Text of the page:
Once a Belle, always a Belle
College students, faculty and staff gather Tuesday to remember life of international student
Published: Wednesday, October 24, 2012
Updated: Wednesday, October 24, 2012 12:10
The crowd that filed quietly into Regina Chapel on Tuesday filled the room with green — they wore bright green shirts and pinned small green ribbon to their tops.
They came to remember Saint Mary’s sophomore Ziqi Zhang. Zhang, 19, who died last week from injuries sustained in an accident between her bike and an SUV outside the entrance to the College on State Route 933.
Green was her favorite color. But even as they filled the chapel with green, they also filled the room with stories. During the service, faculty, staff and students from Notre Dame and Saint Mary’s stood one after another and shared their memories of an international student who had been their friend.
A resident of Regina Hall, Zhang was a dual-degree student majoring in mathematics at Saint Mary’s and taking engineering classes at Notre Dame. She was a resident of Jiangsu Province in China.
International student Ariane Umutoni met Zhang shortly after the two arrived at Saint Mary’s. She remembered Zhang as fearless while they discovered America together.
“I remember going to the beach with her in Michigan,” Umutoni said. “There were big stones. … She was like, ‘I want a picture there.’ I said, ‘That’s dangerous,’ and she said, ‘Let’s take a chance.’ I was so scared, but she wasn’t.
“That was Ziqi.”
Umotoni asked the Saint Mary’s community to come together as a family during a time of need and grief.
“We need you,” she said. “Some of us are far from home. You cannot imagine how my family is feeling to know that they have not seen me in so long and such a thing can happen. We need each and every one here.
“We’ll hold hands, mourn together, cry together, share memories and just be a family,” she said.
The stories from Zhang’s friends prompted both tears and laughter during the service.
Paige Edmonds was Zhang’s resident assistant during her freshman year. She joked about a resident she said was both curious and warm.
“She was one of those freshman that the questions you think you’re never gonna get asked as an RA, she asked them,” Edmonds said. “She was the type of resident who when you had a section event, would come knock on my door the next day and ask where everyone was. But she definitely challenged me to grow as a person. … Remember her smile.”
Saint Mary’s graduate Chen Chen recalled a story she heard about Zhang before the two had even met. A mutual friend brought Zhang to pick up the keys to her dorm room on her first day at Saint Mary’s, but when they went to open the door, they had some trouble with the lock.
“Ziqi just whipped out a toolkit … and started seriously working on trying to break into her room,” Chen said. “So I got really excited, and the first thing that came to my mind, I got to tell this story to Dr. Barstis, who is the engineering advisor, to let her know that we have a student who has the right engineering spirit. … That’s basically how she got to the engineering program.”
Other professors and friends recalled Zhang as constantly smiling and always willing to push her limits for new experiences. They talked about an excellent student newly fascinated by philosophy and dedicated to her studies. They remembered a girl excited to return home to China over winter break for the first time since she had left for college.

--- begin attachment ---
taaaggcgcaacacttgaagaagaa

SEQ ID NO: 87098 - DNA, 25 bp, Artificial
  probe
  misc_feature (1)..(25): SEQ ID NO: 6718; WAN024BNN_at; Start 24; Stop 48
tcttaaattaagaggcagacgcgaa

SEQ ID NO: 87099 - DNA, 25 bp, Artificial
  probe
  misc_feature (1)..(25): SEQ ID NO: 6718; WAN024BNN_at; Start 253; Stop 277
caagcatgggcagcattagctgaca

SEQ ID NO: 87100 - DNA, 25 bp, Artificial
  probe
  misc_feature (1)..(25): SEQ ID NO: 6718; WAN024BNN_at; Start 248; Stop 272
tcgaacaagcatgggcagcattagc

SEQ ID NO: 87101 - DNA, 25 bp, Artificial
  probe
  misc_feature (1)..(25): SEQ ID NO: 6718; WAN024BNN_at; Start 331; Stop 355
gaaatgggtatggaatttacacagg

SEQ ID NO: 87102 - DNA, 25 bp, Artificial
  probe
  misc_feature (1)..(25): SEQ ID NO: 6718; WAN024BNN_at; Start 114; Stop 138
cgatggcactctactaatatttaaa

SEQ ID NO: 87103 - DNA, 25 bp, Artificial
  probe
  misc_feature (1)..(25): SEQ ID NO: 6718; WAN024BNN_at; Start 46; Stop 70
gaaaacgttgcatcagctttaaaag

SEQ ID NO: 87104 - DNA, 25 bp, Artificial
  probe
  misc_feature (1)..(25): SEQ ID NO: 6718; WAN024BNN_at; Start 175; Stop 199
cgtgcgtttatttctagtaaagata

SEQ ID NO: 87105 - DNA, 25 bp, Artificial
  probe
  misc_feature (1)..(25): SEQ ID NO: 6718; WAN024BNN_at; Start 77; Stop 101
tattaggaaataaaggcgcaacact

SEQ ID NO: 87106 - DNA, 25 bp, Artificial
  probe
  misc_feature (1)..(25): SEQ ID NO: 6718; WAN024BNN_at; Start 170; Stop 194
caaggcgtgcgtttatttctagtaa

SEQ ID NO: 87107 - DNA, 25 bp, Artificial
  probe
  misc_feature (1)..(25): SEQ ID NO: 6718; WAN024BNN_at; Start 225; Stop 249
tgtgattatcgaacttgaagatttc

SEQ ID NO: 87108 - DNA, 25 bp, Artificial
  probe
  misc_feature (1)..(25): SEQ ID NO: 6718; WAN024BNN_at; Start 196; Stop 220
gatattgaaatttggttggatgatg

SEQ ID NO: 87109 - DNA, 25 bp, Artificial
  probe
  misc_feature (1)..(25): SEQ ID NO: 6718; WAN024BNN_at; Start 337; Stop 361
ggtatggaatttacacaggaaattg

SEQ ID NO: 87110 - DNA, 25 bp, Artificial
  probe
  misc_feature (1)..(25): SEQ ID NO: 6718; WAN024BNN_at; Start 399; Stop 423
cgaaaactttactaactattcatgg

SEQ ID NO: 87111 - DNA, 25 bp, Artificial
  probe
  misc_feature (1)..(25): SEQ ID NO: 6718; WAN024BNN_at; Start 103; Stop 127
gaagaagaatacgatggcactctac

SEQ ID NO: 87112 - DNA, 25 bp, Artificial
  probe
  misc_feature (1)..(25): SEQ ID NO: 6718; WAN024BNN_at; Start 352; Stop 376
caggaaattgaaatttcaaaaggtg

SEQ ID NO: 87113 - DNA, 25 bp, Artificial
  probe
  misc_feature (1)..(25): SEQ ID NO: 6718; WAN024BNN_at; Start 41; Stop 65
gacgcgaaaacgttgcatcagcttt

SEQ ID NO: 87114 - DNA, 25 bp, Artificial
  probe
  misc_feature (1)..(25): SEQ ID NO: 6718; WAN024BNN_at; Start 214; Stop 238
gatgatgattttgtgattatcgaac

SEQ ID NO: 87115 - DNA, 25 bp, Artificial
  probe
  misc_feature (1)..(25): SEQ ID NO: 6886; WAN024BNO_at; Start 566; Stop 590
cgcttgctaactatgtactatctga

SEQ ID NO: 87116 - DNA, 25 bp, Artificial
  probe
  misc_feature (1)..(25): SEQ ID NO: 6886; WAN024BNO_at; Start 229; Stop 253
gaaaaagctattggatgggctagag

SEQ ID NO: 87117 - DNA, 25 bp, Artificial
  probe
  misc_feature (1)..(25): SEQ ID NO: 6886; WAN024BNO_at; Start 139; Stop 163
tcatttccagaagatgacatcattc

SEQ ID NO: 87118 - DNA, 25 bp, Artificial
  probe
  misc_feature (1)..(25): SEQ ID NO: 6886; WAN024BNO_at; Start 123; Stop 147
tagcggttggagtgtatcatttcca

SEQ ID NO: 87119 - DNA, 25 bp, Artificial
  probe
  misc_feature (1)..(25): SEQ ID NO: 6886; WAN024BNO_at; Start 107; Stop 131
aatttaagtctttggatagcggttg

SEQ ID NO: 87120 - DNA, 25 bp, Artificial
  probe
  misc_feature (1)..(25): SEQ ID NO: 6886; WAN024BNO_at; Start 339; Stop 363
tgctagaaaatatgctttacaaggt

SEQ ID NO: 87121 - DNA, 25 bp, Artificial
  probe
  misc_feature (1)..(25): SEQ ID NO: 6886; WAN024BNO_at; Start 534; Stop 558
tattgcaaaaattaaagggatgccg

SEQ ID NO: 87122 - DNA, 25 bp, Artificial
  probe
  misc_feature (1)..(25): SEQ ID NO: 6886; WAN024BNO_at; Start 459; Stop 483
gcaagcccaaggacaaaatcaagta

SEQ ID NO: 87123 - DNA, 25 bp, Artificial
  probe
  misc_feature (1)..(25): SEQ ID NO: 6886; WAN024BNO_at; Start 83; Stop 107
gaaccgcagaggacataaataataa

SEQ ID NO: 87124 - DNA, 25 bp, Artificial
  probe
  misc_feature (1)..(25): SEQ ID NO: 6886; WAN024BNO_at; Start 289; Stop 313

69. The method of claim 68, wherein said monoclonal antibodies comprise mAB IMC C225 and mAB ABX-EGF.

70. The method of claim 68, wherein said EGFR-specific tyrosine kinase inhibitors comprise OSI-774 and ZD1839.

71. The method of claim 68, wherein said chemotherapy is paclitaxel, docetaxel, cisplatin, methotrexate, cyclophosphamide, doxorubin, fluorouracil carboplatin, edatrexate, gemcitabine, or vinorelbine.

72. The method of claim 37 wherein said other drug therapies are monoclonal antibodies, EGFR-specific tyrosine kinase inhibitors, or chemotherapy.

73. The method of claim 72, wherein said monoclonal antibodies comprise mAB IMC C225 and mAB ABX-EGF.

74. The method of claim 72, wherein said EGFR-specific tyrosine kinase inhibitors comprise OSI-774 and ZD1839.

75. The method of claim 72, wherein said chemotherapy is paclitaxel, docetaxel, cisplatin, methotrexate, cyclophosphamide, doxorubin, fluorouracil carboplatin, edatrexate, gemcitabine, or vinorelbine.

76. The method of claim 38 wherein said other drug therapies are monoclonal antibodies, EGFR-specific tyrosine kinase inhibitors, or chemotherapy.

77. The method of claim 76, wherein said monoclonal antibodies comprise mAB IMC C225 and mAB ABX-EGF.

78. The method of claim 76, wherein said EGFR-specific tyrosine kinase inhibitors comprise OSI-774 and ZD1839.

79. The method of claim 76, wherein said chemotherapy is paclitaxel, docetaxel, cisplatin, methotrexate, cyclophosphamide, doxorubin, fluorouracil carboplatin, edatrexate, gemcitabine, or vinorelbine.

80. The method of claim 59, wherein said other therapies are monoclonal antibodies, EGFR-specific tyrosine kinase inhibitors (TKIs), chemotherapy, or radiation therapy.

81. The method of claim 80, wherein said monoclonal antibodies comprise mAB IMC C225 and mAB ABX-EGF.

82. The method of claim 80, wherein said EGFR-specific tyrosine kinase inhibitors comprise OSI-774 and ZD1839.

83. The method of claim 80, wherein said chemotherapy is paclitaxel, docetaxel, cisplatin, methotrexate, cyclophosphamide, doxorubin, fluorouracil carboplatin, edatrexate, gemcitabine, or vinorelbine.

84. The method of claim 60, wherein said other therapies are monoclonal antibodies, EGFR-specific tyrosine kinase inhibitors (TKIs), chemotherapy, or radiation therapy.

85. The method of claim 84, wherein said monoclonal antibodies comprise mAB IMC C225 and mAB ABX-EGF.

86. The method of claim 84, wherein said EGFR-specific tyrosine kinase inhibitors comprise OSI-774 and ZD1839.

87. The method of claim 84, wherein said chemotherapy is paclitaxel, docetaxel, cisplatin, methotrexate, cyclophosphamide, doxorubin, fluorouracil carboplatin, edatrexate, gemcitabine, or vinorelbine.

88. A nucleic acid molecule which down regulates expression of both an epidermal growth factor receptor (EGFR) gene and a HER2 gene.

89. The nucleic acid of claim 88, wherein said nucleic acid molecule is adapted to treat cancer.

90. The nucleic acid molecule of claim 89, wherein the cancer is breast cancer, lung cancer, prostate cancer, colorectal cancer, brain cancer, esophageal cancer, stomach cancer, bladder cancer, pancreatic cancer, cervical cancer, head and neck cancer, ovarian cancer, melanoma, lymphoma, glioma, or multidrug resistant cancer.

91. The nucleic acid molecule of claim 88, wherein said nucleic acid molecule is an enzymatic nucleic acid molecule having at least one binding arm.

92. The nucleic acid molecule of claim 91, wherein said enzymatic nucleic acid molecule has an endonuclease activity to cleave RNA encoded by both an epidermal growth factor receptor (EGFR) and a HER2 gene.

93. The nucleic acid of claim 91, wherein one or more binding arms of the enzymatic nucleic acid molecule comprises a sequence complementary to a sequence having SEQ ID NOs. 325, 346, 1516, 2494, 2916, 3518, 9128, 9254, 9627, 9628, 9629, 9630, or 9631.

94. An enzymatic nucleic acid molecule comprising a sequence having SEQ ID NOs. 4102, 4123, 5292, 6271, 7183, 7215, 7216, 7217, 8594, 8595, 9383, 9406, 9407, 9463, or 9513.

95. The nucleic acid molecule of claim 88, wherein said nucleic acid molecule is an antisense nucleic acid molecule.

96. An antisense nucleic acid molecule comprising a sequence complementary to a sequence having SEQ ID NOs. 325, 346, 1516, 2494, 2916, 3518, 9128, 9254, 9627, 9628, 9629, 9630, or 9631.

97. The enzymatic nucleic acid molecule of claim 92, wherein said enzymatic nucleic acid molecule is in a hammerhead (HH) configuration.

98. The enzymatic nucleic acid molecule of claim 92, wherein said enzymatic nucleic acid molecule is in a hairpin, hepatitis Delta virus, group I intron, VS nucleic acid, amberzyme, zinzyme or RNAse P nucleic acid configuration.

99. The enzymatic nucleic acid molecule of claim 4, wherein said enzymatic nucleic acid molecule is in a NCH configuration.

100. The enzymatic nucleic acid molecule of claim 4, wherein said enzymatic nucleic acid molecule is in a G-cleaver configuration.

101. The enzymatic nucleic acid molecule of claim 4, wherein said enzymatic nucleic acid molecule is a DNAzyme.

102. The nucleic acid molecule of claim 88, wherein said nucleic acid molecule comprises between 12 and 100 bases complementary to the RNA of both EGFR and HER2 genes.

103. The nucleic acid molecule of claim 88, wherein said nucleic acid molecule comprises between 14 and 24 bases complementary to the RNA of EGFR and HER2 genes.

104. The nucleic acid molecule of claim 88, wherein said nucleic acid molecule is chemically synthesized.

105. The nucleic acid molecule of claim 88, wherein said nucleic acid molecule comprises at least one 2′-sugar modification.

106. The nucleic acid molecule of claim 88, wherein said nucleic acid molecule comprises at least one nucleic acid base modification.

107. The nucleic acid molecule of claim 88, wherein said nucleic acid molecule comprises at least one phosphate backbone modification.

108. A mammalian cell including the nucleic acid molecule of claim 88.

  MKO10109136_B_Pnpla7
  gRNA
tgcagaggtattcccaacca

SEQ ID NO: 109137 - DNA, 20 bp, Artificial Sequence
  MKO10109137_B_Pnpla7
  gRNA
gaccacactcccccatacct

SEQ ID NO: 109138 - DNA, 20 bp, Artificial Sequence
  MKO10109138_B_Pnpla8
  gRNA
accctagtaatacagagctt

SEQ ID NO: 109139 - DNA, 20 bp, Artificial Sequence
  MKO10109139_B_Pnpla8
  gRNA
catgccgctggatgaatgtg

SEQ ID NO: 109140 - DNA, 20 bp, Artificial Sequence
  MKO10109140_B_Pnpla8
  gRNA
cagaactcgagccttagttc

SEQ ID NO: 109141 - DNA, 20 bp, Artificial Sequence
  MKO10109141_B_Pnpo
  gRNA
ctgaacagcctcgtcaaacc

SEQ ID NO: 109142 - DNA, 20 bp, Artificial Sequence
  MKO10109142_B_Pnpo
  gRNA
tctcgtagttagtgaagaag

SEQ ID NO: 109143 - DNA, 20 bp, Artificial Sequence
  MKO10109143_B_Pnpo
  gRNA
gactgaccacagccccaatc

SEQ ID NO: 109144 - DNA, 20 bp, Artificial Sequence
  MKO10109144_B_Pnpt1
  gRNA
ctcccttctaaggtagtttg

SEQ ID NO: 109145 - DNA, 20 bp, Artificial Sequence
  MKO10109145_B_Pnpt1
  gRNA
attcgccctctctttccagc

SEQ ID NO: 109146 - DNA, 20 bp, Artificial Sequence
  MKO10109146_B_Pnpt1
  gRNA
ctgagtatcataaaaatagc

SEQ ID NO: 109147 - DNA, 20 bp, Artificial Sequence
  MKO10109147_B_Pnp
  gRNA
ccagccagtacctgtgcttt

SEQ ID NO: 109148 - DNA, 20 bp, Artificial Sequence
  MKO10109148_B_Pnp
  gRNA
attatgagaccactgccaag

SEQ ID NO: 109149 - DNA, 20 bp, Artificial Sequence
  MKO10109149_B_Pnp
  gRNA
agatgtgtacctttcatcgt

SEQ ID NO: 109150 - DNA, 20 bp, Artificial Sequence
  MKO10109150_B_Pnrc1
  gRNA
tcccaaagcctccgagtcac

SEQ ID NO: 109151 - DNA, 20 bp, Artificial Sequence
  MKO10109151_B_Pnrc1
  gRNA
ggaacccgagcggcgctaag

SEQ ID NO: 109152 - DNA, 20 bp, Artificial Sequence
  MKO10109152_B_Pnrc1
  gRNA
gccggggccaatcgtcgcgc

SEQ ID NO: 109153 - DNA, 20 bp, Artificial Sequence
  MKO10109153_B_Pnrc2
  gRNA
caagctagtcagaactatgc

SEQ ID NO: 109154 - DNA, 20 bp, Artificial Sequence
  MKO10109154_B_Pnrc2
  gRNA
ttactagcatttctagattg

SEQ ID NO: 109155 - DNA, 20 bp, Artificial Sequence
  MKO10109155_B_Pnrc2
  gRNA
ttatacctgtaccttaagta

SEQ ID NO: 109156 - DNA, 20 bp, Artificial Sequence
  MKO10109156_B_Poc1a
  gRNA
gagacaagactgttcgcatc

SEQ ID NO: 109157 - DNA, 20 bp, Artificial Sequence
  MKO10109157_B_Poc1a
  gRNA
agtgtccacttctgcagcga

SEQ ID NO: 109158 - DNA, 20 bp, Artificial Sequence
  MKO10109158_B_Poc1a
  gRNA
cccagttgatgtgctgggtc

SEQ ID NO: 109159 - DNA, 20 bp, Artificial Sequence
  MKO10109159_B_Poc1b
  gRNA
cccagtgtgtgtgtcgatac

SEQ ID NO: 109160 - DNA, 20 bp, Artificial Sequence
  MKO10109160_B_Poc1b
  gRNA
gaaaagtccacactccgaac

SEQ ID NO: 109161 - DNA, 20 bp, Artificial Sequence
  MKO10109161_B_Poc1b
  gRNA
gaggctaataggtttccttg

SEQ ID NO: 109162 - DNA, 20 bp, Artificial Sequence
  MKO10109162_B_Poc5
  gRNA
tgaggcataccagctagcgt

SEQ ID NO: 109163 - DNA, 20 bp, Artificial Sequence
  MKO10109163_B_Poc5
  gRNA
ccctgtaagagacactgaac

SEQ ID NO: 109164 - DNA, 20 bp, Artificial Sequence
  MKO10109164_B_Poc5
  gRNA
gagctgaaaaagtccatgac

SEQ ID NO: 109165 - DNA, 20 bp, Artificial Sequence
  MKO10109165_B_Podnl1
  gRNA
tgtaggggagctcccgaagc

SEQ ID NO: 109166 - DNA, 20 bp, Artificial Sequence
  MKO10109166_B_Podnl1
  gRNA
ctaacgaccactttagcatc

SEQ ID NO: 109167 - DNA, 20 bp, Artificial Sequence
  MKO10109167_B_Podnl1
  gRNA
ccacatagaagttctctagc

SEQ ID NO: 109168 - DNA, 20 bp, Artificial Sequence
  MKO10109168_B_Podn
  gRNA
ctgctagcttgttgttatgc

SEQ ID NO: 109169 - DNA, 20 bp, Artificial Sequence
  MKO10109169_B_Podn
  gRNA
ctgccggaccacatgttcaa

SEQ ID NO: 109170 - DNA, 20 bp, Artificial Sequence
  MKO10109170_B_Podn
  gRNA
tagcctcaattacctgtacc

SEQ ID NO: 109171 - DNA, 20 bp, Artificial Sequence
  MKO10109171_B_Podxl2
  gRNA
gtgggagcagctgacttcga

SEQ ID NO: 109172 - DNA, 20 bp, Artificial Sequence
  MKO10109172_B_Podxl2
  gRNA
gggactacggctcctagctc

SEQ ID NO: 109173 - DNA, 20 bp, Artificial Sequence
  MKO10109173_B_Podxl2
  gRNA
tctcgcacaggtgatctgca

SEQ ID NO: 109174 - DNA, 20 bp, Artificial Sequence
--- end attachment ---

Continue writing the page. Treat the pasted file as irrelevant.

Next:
Notre Dame sophomore Christine Nie said she came from the same city as Zhang in China, but only met her after they came to South Bend. She remembered feeling at home hearing Zhang speak their first language with the same distinct accent as her family members and friends in China.
“I thought even though she couldn’t stay in this beautiful world, as a girl of the same age and of the same city and of similar background, I can live this life for her,” she said through tears.
Elaine Meyer-Lee, director of the Center for Women’s Intercultural Leadership (CWIL), read an email from Zhang’s parents to Dr. Alice Yang, director for global education. Another Chinese-speaking professor had translated the letter.
“We lost our precious daughter,” they wrote. “She was our pride and joy. She longed for this wonder country of America, and we wish that she could have completed her studies, learned the sciences and humanities so that she could have played a worthy role in the betterment of the entire human race.”
College President Carol Ann Mooney also wore bright green as she addressed the crowd gathered in the chapel.
“Each of us has lost a sister,” Mooney said. “It is terribly difficult to lose a young person with so much talent and so much promise. Ziqi’s death leaves a hole in the Saint Mary’s community.”
Zhang’s family is working to obtain passports and visas to come to the United States, Mooney said. Donations to help the family with funeral and travel expenses may be sent to Karen Johnson, vice president of Student Affairs, in 175 Le Mans Hall. Checks should be payable to Saint Mary’s College and indicate in the memo line that the donation is for the Ziqi Zhang family.
“For her family, this is an unspeakable grief. … Our hearts break for her parents, her sister and her good friends and family in China,” Mooney said.
Student Affairs is also collecting notes for Zhang’s family at the same address. The notes will be translated and delivered to her family when they arrive in the United States.
“When they arrive on our campus, we will make every effort to let them know how valued Ziqi was, what a positive contribution to Saint Mary’s she was and that she had a home here.”